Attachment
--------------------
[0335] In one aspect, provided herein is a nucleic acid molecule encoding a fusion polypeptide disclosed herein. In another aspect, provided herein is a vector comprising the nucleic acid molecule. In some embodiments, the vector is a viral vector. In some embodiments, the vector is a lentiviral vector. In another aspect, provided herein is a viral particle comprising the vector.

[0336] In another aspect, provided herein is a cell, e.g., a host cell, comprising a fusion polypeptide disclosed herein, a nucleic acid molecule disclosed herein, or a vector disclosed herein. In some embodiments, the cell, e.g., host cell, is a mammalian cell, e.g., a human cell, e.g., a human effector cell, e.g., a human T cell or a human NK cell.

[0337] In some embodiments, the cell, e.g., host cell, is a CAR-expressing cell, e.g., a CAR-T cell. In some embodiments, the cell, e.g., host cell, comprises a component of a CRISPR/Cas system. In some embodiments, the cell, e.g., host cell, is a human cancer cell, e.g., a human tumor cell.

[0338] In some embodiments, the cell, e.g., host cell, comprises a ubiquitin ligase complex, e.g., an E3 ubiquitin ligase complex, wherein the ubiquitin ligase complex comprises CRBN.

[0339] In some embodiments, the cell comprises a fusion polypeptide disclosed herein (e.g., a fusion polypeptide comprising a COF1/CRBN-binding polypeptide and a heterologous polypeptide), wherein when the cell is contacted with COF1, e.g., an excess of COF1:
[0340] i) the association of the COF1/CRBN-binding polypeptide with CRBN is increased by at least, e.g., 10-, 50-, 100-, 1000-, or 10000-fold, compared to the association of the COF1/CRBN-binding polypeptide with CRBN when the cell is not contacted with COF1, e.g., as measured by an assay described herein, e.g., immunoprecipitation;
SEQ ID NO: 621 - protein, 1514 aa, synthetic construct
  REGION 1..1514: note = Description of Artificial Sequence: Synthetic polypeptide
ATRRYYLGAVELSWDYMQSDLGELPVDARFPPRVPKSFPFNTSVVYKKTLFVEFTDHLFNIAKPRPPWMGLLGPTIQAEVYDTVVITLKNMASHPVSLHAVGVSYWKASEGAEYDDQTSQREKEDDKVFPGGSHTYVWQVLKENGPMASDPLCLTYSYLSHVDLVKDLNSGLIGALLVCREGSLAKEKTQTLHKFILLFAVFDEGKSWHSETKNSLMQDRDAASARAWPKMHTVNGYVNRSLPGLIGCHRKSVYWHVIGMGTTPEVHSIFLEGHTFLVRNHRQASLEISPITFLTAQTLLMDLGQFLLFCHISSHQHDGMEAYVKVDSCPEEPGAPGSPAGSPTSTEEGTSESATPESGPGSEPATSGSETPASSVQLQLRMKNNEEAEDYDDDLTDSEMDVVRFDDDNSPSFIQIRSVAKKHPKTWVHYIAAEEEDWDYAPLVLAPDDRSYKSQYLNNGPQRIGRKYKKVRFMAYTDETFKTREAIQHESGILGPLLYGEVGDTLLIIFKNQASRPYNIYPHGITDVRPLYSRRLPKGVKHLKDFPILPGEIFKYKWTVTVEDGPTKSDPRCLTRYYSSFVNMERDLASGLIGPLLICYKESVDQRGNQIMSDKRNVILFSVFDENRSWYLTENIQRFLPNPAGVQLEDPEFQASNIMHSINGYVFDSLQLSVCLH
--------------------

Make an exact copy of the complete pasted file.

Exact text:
[0335] In one aspect, provided herein is a nucleic acid molecule encoding a fusion polypeptide disclosed herein. In another aspect, provided herein is a vector comprising the nucleic acid molecule. In some embodiments, the vector is a viral vector. In some embodiments, the vector is a lentiviral vector. In another aspect, provided herein is a viral particle comprising the vector.

[0336] In another aspect, provided herein is a cell, e.g., a host cell, comprising a fusion polypeptide disclosed herein, a nucleic acid molecule disclosed herein, or a vector disclosed herein. In some embodiments, the cell, e.g., host cell, is a mammalian cell, e.g., a human cell, e.g., a human effector cell, e.g., a human T cell or a human NK cell.

[0337] In some embodiments, the cell, e.g., host cell, is a CAR-expressing cell, e.g., a CAR-T cell. In some embodiments, the cell, e.g., host cell, comprises a component of a CRISPR/Cas system. In some embodiments, the cell, e.g., host cell, is a human cancer cell, e.g., a human tumor cell.

[0338] In some embodiments, the cell, e.g., host cell, comprises a ubiquitin ligase complex, e.g., an E3 ubiquitin ligase complex, wherein the ubiquitin ligase complex comprises CRBN.

[0339] In some embodiments, the cell comprises a fusion polypeptide disclosed herein (e.g., a fusion polypeptide comprising a COF1/CRBN-binding polypeptide and a heterologous polypeptide), wherein when the cell is contacted with COF1, e.g., an excess of COF1:
[0340] i) the association of the COF1/CRBN-binding polypeptide with CRBN is increased by at least, e.g., 10-, 50-, 100-, 1000-, or 10000-fold, compared to the association of the COF1/CRBN-binding polypeptide with CRBN when the cell is not contacted with COF1, e.g., as measured by an assay described herein, e.g., immunoprecipitation;
SEQ ID NO: 621 - protein, 1514 aa, synthetic construct
  REGION 1..1514: note = Description of Artificial Sequence: Synthetic polypeptide
ATRRYYLGAVELSWDYMQSDLGELPVDARFPPRVPKSFPFNTSVVYKKTLFVEFTDHLFNIAKPRPPWMGLLGPTIQAEVYDTVVITLKNMASHPVSLHAVGVSYWKASEGAEYDDQTSQREKEDDKVFPGGSHTYVWQVLKENGPMASDPLCLTYSYLSHVDLVKDLNSGLIGALLVCREGSLAKEKTQTLHKFILLFAVFDEGKSWHSETKNSLMQDRDAASARAWPKMHTVNGYVNRSLPGLIGCHRKSVYWHVIGMGTTPEVHSIFLEGHTFLVRNHRQASLEISPITFLTAQTLLMDLGQFLLFCHISSHQHDGMEAYVKVDSCPEEPGAPGSPAGSPTSTEEGTSESATPESGPGSEPATSGSETPASSVQLQLRMKNNEEAEDYDDDLTDSEMDVVRFDDDNSPSFIQIRSVAKKHPKTWVHYIAAEEEDWDYAPLVLAPDDRSYKSQYLNNGPQRIGRKYKKVRFMAYTDETFKTREAIQHESGILGPLLYGEVGDTLLIIFKNQASRPYNIYPHGITDVRPLYSRRLPKGVKHLKDFPILPGEIFKYKWTVTVEDGPTKSDPRCLTRYYSSFVNMERDLASGLIGPLLICYKESVDQRGNQIMSDKRNVILFSVFDENRSWYLTENIQRFLPNPAGVQLEDPEFQASNIMHSINGYVFDSLQLSVCLH